Our Next Energy Inc., an electric-car battery startup involving several former leaders of Apple Inc.’s
secretive car project, is planning to invest $1.6 billion into a factory in Michigan to make enough battery cells for about 200,000 EVs annually.
The state of Michigan on Wednesday approved a $200 million grant for the project that promises to create 2,112 new jobs once the facility in Van Buren Township, about 10 miles west of the Detroit airport, is fully operational by the end of 2027. The company must create and maintain the jobs or face a clawback of the funds.
The investment is part of an influx of battery capacity being built in the U.S. as companies race to provide car makers with the cells they will need for all of the EVs they are planning. That effort has only intensified following the enactment of the Inflation Reduction Act, which aims to jump-start domestic battery production. The law ties consumer tax credits for buying EVs to how much battery material comes from domestic production.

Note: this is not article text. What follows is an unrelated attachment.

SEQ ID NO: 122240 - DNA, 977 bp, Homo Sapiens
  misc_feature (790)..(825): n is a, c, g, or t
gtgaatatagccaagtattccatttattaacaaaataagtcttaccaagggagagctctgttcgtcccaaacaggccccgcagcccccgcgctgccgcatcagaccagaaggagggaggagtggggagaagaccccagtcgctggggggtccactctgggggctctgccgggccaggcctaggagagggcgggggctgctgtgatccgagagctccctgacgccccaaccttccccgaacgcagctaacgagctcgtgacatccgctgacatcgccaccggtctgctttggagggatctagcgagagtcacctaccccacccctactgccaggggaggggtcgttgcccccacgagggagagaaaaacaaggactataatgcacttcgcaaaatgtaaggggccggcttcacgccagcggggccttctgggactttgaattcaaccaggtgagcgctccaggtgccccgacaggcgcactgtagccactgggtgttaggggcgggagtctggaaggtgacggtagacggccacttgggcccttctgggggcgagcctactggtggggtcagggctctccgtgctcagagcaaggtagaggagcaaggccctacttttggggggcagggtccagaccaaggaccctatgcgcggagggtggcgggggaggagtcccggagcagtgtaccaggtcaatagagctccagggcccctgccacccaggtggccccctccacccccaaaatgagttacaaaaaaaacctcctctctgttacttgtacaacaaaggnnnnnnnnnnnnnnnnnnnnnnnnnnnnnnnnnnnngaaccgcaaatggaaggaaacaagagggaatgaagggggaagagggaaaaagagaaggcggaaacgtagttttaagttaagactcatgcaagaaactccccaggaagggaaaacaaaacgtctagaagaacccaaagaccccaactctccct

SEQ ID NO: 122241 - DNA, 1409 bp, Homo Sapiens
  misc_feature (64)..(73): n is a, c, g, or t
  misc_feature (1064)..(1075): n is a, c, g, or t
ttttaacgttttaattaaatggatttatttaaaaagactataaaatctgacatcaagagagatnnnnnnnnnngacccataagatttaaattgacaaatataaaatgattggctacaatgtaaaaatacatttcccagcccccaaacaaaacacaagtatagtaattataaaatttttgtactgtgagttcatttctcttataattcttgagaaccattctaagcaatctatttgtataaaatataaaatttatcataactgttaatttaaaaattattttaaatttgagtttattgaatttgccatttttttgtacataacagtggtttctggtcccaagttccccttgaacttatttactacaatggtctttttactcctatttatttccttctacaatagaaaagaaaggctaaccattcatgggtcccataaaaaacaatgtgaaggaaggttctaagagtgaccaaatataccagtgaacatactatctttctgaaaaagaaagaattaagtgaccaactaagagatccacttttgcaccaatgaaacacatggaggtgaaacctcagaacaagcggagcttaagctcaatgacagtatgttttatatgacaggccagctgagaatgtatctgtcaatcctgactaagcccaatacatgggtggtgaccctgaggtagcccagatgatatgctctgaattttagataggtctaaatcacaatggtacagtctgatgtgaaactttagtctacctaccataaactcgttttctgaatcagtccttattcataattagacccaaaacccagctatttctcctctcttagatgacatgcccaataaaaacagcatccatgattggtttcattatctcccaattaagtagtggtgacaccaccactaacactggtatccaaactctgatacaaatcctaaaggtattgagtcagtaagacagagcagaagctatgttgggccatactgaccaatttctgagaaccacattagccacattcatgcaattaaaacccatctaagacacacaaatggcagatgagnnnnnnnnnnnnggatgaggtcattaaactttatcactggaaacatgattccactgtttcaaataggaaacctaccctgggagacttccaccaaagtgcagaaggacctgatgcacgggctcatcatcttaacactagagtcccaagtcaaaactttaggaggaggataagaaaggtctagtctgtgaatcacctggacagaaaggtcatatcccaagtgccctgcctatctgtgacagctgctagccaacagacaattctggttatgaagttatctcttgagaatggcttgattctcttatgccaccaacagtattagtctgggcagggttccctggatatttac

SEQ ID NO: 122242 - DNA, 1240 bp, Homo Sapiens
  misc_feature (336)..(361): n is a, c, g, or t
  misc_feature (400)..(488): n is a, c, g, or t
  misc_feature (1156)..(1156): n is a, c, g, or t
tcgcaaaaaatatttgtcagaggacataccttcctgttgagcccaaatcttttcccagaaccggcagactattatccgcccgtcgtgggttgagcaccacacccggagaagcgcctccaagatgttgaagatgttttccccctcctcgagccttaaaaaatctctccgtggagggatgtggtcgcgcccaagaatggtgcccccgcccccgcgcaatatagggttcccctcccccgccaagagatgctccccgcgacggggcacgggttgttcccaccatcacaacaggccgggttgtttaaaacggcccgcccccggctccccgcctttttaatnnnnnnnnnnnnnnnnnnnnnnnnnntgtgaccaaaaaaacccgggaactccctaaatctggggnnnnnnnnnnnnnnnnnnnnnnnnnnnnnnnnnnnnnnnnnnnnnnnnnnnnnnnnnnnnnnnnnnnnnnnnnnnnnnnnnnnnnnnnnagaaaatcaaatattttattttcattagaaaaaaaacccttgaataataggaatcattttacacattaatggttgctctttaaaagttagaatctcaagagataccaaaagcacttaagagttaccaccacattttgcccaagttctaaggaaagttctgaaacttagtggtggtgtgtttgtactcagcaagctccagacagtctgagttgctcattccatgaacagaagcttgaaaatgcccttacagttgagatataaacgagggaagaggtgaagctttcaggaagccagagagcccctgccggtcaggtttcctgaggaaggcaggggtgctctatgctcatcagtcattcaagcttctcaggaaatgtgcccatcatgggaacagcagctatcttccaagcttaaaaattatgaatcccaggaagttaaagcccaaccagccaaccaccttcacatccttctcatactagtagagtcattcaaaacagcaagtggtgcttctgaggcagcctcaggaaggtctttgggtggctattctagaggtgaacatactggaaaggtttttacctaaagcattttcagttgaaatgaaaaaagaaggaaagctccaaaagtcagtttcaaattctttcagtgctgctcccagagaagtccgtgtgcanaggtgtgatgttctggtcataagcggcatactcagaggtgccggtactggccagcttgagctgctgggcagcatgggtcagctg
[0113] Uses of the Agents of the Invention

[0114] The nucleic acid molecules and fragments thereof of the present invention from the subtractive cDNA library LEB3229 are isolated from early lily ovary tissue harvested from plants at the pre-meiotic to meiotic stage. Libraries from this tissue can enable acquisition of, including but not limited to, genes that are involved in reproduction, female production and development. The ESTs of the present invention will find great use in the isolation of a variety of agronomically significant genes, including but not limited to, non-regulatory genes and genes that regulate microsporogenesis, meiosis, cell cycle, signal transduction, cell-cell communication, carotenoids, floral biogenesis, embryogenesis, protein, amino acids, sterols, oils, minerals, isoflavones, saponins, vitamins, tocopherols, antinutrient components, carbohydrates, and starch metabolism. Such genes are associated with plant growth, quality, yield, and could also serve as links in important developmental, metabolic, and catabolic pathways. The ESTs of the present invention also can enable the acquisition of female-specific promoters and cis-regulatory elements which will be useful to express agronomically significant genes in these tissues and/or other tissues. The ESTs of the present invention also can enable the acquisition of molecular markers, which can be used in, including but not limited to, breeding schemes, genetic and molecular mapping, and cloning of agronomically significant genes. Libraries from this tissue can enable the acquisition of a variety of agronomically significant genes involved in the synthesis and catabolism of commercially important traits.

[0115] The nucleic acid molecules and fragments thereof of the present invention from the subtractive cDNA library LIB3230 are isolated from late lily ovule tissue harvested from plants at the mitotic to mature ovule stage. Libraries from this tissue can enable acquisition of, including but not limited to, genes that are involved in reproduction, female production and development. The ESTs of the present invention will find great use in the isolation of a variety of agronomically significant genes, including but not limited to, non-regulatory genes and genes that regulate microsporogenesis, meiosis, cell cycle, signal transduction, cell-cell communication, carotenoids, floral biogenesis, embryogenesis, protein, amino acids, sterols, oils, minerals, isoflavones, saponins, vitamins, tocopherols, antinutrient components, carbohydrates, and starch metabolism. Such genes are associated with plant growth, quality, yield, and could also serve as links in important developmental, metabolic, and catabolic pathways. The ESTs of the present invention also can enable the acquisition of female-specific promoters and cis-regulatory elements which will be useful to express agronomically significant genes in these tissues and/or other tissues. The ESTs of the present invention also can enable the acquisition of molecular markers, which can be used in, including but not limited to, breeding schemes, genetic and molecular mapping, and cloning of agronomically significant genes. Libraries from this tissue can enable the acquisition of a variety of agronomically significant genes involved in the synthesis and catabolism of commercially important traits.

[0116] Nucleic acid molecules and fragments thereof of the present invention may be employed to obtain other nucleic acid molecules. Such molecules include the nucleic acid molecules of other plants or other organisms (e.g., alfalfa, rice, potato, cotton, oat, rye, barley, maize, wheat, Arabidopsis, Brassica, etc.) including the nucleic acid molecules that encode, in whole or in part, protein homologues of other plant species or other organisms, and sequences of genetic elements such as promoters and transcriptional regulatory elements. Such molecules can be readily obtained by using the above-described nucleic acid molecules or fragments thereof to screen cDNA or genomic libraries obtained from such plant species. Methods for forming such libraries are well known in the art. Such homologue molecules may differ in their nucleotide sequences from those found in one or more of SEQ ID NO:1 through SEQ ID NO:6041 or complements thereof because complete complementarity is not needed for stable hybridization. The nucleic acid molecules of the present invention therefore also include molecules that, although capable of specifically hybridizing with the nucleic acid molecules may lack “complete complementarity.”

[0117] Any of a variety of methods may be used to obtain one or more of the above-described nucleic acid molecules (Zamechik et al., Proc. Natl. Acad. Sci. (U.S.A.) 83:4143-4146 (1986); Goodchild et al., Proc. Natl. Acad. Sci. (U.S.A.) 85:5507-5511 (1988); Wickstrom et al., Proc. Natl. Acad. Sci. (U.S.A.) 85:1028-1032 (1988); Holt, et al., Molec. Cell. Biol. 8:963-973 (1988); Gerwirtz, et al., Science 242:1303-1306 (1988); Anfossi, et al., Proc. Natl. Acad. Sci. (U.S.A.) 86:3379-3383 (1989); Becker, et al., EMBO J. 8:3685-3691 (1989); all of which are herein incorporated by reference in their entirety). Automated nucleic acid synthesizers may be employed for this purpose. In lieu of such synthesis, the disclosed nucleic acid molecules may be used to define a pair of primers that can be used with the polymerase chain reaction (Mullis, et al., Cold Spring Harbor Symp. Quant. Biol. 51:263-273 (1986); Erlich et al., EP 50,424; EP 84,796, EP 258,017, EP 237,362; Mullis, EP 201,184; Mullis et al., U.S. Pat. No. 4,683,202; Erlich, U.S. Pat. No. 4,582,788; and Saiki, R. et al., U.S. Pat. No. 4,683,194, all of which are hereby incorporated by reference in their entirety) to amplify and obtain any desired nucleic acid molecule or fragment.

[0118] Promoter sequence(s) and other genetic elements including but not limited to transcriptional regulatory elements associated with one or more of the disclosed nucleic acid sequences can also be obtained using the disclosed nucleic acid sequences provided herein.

“The Inflation Reduction Act has literally made [our] phone ring off the hook,” Mujeeb Ijaz, founder and chief executive of the company, known as ONE, said in an interview. “We’re seeing a lot of emphasis on the U.S. supply chain and U.S. cell manufacturing.”
The company said it plans to produce at full capacity 20-gigawatt hours, including lithium iron phosphate cells, annually or the equivalent of battery packs for about 200,000 vehicles each year. ONE hasn’t said which car makers it will be supplying.
An expanded version of this story appears on WSJ.com.
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